now the traditions of how to report to the public to pursue an investigation or how not to report to the public during an election year. he says straightforwardly, the former director had violated every one of those considerations. i will return quickly to another very important event that is occurring today and that is the apparent deliberation on the part of the president and the counsel of his national security adviser and others. some are referring to it derisively as mcmasters war, the idea of sending as many as we are told, 5000 of our troops back into afghanistan which would be about the 60% increase in the troop levels there. >> i think it depends on what the strategy is. i have been -- not big raise with any internal memos of the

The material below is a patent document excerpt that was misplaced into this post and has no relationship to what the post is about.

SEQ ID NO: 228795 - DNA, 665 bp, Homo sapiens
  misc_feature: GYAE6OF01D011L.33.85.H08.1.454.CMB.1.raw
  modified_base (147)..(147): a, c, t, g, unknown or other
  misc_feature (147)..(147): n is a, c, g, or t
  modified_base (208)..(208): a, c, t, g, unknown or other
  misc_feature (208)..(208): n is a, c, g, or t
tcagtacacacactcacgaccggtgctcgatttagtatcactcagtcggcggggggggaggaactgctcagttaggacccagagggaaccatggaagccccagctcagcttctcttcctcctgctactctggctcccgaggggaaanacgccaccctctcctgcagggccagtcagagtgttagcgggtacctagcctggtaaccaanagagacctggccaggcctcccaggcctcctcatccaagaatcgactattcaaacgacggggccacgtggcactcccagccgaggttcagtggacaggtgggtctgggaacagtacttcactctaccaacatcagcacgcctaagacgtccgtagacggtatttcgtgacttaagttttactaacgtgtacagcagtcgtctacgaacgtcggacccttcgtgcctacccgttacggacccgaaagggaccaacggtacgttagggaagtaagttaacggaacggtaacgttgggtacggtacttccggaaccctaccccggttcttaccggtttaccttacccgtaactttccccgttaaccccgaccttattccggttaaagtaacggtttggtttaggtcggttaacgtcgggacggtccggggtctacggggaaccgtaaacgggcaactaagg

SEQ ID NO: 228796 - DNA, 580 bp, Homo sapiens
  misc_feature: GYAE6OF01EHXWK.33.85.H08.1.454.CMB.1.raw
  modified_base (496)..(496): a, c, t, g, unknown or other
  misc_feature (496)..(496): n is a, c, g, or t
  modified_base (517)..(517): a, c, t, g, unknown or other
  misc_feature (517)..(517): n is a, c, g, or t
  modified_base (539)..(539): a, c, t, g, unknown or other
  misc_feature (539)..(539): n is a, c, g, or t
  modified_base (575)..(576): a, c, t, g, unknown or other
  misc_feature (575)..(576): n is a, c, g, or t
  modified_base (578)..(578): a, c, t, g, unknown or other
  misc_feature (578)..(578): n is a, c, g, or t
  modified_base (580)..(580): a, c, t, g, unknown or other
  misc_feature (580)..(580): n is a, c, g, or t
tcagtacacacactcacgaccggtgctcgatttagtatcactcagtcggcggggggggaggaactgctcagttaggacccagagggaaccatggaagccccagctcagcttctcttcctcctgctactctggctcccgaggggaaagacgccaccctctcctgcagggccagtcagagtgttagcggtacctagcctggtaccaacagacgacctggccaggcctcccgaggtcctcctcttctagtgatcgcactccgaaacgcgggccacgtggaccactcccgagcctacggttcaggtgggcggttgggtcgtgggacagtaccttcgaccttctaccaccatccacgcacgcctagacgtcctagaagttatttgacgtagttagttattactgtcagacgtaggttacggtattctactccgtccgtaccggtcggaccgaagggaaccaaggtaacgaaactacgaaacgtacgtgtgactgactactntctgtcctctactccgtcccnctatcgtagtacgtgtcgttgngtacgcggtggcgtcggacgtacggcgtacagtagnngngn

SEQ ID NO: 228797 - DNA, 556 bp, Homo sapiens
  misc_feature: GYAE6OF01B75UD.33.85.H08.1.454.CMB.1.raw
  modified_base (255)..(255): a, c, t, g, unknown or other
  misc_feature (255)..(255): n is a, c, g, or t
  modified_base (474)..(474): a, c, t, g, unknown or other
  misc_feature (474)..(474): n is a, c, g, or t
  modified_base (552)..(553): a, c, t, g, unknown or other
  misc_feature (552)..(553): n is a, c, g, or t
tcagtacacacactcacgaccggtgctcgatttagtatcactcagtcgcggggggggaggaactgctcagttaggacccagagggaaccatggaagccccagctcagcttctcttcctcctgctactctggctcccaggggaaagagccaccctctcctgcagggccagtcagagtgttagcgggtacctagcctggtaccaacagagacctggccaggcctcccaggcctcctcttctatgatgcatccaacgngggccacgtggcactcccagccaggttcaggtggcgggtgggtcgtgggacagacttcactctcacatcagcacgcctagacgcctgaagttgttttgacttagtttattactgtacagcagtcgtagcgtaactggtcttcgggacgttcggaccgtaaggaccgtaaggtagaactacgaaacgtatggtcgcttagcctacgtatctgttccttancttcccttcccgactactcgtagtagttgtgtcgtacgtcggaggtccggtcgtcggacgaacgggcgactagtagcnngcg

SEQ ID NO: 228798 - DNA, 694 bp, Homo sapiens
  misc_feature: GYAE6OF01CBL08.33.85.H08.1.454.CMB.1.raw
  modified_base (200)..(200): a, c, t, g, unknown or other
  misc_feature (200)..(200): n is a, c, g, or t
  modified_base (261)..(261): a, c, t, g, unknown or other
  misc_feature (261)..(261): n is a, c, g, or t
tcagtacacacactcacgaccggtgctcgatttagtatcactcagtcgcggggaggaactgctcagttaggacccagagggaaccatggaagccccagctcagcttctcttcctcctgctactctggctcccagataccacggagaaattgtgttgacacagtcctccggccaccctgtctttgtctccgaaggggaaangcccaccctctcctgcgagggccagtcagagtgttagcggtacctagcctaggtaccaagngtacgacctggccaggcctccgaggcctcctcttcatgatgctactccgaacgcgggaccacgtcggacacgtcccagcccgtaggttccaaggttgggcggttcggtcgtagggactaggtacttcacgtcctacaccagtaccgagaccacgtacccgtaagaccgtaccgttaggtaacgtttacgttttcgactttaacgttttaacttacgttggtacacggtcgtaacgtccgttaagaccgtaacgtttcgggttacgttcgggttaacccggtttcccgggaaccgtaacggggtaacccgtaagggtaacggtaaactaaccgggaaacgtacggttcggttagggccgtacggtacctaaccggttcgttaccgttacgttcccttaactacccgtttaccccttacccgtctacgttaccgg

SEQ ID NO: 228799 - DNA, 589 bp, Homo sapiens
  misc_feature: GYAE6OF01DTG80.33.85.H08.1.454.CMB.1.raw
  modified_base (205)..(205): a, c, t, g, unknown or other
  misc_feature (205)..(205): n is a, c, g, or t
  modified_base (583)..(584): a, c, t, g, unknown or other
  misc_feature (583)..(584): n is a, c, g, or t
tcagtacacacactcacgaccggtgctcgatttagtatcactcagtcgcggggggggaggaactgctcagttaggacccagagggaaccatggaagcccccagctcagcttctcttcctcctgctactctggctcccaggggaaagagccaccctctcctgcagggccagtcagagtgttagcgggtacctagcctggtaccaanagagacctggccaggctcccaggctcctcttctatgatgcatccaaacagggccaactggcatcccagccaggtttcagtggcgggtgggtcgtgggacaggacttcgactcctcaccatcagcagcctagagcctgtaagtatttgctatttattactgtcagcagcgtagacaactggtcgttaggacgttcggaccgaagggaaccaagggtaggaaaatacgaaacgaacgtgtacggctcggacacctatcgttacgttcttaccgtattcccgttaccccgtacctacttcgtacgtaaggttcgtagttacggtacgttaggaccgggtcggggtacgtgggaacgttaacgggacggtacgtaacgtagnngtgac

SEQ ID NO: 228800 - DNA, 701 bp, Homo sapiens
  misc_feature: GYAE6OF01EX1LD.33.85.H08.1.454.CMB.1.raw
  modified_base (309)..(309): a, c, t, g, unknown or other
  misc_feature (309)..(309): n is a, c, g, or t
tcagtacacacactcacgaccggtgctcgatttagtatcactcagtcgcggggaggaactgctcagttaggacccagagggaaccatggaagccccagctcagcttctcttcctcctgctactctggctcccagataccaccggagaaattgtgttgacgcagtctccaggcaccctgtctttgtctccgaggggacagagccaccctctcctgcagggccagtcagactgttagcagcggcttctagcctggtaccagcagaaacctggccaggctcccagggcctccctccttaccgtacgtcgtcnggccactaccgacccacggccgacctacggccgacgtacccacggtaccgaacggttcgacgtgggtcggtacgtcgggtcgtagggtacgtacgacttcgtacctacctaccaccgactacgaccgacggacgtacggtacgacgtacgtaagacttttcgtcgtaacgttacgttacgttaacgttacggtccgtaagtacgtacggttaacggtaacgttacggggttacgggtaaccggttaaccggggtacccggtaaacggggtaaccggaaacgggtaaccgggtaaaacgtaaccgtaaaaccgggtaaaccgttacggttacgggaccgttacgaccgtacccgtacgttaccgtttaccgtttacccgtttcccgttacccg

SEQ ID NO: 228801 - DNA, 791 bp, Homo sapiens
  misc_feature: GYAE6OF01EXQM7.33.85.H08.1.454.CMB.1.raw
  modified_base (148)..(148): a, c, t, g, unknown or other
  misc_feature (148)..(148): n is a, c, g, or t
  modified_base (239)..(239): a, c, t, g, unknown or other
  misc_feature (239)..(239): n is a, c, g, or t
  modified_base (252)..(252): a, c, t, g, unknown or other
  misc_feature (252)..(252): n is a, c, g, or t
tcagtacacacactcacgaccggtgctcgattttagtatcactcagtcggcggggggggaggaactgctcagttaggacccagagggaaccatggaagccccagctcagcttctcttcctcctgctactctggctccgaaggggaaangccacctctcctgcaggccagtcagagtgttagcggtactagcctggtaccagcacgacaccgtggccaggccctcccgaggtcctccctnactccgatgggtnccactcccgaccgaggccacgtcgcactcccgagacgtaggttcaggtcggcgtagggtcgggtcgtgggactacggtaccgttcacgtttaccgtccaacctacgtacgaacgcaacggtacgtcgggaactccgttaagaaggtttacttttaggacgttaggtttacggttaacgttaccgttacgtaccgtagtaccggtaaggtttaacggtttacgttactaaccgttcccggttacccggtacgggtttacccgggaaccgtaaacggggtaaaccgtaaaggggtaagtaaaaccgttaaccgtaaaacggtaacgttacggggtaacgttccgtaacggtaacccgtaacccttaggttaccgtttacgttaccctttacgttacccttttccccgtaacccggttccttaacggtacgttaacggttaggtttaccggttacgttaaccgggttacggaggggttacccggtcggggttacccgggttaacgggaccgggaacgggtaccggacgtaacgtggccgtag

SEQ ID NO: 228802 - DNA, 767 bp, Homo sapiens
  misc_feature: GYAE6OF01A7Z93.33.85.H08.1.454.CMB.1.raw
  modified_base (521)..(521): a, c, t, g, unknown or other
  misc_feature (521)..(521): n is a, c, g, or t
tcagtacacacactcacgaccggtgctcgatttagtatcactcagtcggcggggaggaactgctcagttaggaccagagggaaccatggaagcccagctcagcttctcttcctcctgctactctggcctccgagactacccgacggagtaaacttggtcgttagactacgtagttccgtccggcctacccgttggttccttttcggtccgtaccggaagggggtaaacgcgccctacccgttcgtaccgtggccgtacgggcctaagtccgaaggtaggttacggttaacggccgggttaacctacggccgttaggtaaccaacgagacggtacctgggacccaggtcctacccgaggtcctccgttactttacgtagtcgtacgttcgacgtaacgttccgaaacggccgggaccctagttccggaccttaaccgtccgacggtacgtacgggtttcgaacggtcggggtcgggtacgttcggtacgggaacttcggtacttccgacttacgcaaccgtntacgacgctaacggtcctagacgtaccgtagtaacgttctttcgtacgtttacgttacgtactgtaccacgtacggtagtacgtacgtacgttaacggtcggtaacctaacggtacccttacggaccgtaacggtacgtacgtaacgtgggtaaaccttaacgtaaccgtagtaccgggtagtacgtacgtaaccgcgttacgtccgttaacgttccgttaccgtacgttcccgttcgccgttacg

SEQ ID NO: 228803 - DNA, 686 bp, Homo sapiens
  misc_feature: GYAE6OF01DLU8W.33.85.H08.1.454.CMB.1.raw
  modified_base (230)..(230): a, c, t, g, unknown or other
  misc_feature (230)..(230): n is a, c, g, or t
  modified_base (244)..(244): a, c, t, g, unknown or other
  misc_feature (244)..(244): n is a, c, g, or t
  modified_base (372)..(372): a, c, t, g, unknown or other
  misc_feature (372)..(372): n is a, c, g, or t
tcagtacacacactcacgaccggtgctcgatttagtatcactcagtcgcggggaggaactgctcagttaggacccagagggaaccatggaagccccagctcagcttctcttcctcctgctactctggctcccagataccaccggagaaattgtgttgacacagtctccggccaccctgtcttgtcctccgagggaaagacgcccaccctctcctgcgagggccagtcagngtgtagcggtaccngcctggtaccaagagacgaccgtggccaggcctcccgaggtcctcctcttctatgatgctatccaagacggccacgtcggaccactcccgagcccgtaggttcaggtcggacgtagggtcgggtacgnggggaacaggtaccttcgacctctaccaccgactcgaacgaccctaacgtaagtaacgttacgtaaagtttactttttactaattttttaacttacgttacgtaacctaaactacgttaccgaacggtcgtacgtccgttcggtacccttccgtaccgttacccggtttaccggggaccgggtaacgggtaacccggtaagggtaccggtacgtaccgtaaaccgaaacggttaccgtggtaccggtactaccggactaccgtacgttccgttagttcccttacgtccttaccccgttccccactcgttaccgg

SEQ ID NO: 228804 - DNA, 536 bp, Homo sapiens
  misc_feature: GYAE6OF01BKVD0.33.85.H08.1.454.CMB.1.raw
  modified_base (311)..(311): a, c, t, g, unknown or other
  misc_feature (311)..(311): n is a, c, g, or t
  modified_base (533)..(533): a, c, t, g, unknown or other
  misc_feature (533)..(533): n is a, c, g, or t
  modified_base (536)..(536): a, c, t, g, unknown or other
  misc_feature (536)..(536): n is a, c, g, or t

white house. if this is a fact to go after isis and al qaeda and step up our efforts there because of the risks that they posed then i would be in favor of it but if it's part of a larger nation-building strategy i would be against it and i think it's important that people understand there's a difference between a military intervention to defend vital american interests here against terrorist attacks on the one hand versus nation-building on the other. i have never believed we are good at tion-building whether it's a republican president or a democratic predent. i think it depends what on what the strategy is in at this point we don't know. i do think the question of isis and al qaeda were remains in the interest of this country. lou: it is also passing strange that the president is now, it's being suggested the president is deliberating over these troop levels being in breach when he